Congressional Black Caucus to Airbnb: Why is it “So Easy to Discriminate?”

The Congressional Black Caucus steps into the Airbnb and alleged discrimination fray

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(l to r) Reps. Sheila Jackson Lee (D-TX 18th District) and Rep. Butterfield – Image: – WWW.LIVLIFSTUDIOS.COM

The Congressional Black Caucus (CBC) sent a strongly-worded letter to Airbnb CEO Brian Chesky about discriminatory practices on its space sharing platform alleged by black people and other minorities.

“Why is it seemingly so easy to discriminate against someone via Airbnb’s Internet platform?” is the first question in the letter.

The letter, signed by CBC chairman and Congressman G.K. Butterfield (D – NC, 1st District), and Congressman Emanuel Cleaver, II (D-MO 5th District) cites Title II of the 1964 Civil Rights Act which prohibits discrimination in public places, including hotels and motels, on the basis of race, color, religion, or national origin.

Airbnb is an online booking site that allows prospective guests to rent lodging in people’s homes or apartments. Those renting their spaces are known as “hosts” on the site.

Some online users, particularly African Americans and other minorities, including members of the LGBT community, applied for accommodations online but were rejected.

In one instance, a black woman alleged that a host at first accepted her request and then messaged, “I hate niggers, so I am going to cancel you,” and he cancelled her reservation after seeing she was black on her member profile picture.

Rentals in citizens’ apartments or houses are subject to Title II according to Rachel Goodman, a staff attorney with the ACLU’s Racial Justice Program. The only exception, Goodman says, is if a homeowner rents out rooms in her actual home while she “actually occupies” the home.

Additionally, “the Fair Housing Act prohibits discrimination in Airbnb rentals, too,” notes Goodman.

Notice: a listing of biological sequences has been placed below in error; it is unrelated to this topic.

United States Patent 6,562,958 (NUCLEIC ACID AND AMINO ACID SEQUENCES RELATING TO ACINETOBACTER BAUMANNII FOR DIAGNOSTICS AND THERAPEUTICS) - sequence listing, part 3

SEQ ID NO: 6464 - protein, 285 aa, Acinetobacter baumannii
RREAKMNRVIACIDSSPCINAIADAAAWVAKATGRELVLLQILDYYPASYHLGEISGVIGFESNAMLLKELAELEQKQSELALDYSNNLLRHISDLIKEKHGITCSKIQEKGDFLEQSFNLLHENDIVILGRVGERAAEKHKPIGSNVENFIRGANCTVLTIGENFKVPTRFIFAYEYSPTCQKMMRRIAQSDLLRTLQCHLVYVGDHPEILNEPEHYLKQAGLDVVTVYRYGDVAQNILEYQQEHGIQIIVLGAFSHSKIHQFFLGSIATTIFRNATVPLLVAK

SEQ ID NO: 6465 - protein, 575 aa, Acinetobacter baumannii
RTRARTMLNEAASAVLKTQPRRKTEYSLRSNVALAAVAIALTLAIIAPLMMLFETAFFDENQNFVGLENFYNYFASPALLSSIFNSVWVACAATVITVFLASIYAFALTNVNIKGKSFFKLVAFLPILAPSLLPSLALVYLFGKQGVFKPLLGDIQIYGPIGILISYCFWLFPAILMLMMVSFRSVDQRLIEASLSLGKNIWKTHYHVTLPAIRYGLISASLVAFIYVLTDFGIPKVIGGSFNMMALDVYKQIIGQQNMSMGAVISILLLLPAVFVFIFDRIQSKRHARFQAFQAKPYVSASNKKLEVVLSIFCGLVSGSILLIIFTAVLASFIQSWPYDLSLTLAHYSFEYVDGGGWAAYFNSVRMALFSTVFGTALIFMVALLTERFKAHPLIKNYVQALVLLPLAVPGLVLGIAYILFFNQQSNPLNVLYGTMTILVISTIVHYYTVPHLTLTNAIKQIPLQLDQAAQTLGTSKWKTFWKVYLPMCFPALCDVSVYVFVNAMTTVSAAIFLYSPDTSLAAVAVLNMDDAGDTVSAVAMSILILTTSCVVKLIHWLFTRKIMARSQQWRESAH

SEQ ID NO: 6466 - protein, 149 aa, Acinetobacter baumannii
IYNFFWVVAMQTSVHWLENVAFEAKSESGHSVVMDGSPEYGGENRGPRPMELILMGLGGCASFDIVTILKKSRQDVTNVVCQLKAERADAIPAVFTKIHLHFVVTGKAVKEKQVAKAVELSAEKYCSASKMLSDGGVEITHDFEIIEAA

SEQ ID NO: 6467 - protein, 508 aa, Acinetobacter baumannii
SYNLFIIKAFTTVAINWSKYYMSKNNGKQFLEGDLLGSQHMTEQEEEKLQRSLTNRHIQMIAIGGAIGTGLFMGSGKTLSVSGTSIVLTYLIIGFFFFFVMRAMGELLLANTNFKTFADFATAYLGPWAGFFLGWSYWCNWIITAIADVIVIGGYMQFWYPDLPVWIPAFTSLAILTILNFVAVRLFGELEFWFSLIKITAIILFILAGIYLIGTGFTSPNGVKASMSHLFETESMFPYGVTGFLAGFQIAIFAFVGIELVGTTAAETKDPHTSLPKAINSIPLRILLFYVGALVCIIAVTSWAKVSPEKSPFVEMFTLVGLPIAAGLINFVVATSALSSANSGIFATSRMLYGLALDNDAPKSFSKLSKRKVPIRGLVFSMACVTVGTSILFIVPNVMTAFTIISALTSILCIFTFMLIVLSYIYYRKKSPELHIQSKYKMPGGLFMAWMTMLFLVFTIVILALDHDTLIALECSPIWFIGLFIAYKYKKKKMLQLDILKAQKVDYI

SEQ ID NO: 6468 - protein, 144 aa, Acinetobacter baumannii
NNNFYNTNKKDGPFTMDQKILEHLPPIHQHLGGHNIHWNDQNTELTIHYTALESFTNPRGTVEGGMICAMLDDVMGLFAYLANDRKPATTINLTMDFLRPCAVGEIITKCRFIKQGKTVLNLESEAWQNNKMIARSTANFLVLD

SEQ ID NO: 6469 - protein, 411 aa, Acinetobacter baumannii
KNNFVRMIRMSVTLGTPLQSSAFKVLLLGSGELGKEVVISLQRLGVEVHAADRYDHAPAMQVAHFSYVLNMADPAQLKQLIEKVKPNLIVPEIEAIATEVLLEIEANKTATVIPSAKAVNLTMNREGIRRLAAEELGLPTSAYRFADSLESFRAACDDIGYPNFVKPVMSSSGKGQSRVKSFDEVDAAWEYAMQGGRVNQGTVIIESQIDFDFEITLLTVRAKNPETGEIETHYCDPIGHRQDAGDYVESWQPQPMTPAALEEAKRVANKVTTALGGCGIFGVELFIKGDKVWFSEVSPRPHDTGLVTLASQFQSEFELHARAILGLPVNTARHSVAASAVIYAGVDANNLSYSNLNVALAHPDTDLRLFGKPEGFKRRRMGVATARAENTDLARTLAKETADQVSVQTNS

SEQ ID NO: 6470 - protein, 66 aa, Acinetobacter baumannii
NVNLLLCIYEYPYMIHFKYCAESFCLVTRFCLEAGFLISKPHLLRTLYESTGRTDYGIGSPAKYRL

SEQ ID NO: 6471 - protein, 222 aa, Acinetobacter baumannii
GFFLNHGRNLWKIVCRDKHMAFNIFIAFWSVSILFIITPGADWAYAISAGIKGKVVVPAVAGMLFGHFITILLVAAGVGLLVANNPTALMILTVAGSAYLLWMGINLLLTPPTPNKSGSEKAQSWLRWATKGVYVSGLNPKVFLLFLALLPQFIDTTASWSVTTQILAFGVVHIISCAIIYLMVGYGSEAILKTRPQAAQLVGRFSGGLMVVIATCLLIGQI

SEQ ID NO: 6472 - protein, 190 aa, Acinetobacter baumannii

The CBC asks Airbnb what it intends to do about discriminatory practices and urges the company to conduct a comprehensive review of these accusations.

In a statement to Black Enterprise, a representative at Airbnb said, “We appreciate Congressmen Butterfield and Cleaver’s letter and absolutely share their concern. Discrimination has no place on our platform. As the Congressmen noted in their letter, we are conducting an extensive review of how our hosts and guests interact with one another online and off.”

“We will apply what we learn to help ensure that everyone, including African American travelers, are treated fairly and with dignity and respect.”


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  • It’s a great thing that alternative sites have surfaced. People must understand that Airbnb properties are personal homes. No one can legislate a heart no matter how hard you try and how many laws you write. If someone does not want you in their home for whatever reason, they have a right to deny you. Is racism nice? of course not. Does it exist? We live in America. We can jump up and down and scream all day long and nothing will change for the better. Anyway, why give your money to someone who doesn’t want it? As usual, the political and societal pressure will force Airbnb to amend their policies and make it more difficult for people to reject certain people from renting their properties, but it will be done in duress. If we as Blacks continue to start our own quality and affordable businesses, we won’t have to worry about those that don’t want to include us in theirs. Stop banging on the closed/deadbolt door and build your own. In the meantime, answer this question — will Black people allow other Black people to live in their homes without worrying about the condition once they leave? If we can honestly answer that question, then we might get to to the real reason behind the discrimination with the Airbnb controversy. CBC you have better things to do. Our problems are bigger than this.